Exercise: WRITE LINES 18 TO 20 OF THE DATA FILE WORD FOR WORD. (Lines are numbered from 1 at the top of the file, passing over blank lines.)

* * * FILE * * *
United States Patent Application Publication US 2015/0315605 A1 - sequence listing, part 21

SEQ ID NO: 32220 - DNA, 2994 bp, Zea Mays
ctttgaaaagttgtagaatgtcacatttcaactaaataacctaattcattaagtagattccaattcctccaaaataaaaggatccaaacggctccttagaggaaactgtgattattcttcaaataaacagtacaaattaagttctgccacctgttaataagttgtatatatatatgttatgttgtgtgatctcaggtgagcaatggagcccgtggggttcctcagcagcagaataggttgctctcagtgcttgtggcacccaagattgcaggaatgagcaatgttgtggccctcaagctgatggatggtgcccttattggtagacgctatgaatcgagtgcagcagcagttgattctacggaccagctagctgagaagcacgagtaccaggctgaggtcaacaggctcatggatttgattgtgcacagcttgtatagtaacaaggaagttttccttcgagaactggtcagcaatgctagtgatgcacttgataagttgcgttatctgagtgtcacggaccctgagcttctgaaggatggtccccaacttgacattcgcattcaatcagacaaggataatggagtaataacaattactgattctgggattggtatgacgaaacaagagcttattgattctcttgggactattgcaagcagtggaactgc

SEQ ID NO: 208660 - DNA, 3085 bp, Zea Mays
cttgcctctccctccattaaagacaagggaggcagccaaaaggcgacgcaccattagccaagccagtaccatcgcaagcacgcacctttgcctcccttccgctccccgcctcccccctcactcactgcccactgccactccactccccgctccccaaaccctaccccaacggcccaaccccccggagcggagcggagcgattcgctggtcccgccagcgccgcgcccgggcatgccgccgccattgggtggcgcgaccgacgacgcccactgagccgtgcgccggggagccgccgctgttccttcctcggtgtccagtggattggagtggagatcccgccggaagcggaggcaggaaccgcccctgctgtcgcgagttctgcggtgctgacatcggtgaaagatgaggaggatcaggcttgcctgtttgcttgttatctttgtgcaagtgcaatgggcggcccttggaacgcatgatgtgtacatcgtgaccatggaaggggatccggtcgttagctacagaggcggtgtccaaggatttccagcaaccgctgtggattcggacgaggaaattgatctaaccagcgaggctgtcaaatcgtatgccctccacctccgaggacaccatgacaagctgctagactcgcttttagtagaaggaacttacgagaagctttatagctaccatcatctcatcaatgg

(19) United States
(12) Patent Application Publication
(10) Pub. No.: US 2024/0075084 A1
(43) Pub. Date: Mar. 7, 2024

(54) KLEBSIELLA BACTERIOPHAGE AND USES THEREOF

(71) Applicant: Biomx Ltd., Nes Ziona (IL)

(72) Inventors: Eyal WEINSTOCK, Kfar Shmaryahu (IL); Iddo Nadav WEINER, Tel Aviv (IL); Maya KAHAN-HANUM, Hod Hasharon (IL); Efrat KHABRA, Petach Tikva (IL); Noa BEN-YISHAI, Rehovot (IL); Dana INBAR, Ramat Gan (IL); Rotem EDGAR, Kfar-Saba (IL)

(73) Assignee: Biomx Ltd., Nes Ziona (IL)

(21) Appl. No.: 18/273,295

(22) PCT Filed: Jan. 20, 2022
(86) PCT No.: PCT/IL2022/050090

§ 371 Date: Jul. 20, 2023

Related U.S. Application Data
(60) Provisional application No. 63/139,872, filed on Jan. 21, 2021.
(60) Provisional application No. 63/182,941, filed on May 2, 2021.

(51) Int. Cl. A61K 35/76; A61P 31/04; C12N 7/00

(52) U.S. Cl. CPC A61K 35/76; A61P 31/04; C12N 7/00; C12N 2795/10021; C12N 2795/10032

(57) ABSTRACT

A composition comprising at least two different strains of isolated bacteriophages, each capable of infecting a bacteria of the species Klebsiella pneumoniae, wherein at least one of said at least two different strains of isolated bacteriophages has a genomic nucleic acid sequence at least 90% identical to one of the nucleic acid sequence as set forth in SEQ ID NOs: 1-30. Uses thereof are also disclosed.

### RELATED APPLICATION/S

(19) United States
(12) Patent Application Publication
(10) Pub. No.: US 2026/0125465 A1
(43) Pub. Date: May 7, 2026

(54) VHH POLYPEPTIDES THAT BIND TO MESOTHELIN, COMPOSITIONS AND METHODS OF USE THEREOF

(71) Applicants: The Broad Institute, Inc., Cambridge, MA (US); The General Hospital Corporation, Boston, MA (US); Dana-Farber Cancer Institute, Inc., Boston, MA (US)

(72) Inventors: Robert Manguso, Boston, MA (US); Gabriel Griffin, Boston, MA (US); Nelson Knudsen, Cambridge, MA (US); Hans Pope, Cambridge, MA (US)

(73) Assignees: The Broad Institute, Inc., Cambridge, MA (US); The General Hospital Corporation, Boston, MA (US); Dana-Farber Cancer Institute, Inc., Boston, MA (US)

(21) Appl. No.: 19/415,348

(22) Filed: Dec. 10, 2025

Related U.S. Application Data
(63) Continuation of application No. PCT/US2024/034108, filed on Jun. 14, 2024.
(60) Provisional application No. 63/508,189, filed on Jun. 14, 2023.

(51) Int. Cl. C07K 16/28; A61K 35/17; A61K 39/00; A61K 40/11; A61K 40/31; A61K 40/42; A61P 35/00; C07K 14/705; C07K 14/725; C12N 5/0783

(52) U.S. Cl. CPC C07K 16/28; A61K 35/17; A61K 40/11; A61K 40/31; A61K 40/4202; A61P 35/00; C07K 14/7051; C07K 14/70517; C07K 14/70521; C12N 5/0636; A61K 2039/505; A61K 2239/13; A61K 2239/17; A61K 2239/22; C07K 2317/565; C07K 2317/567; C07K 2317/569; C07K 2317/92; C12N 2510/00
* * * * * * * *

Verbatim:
Related U.S. Application Data
(60) Provisional application No. 63/139,872, filed on Jan. 21, 2021.
(60) Provisional application No. 63/182,941, filed on May 2, 2021.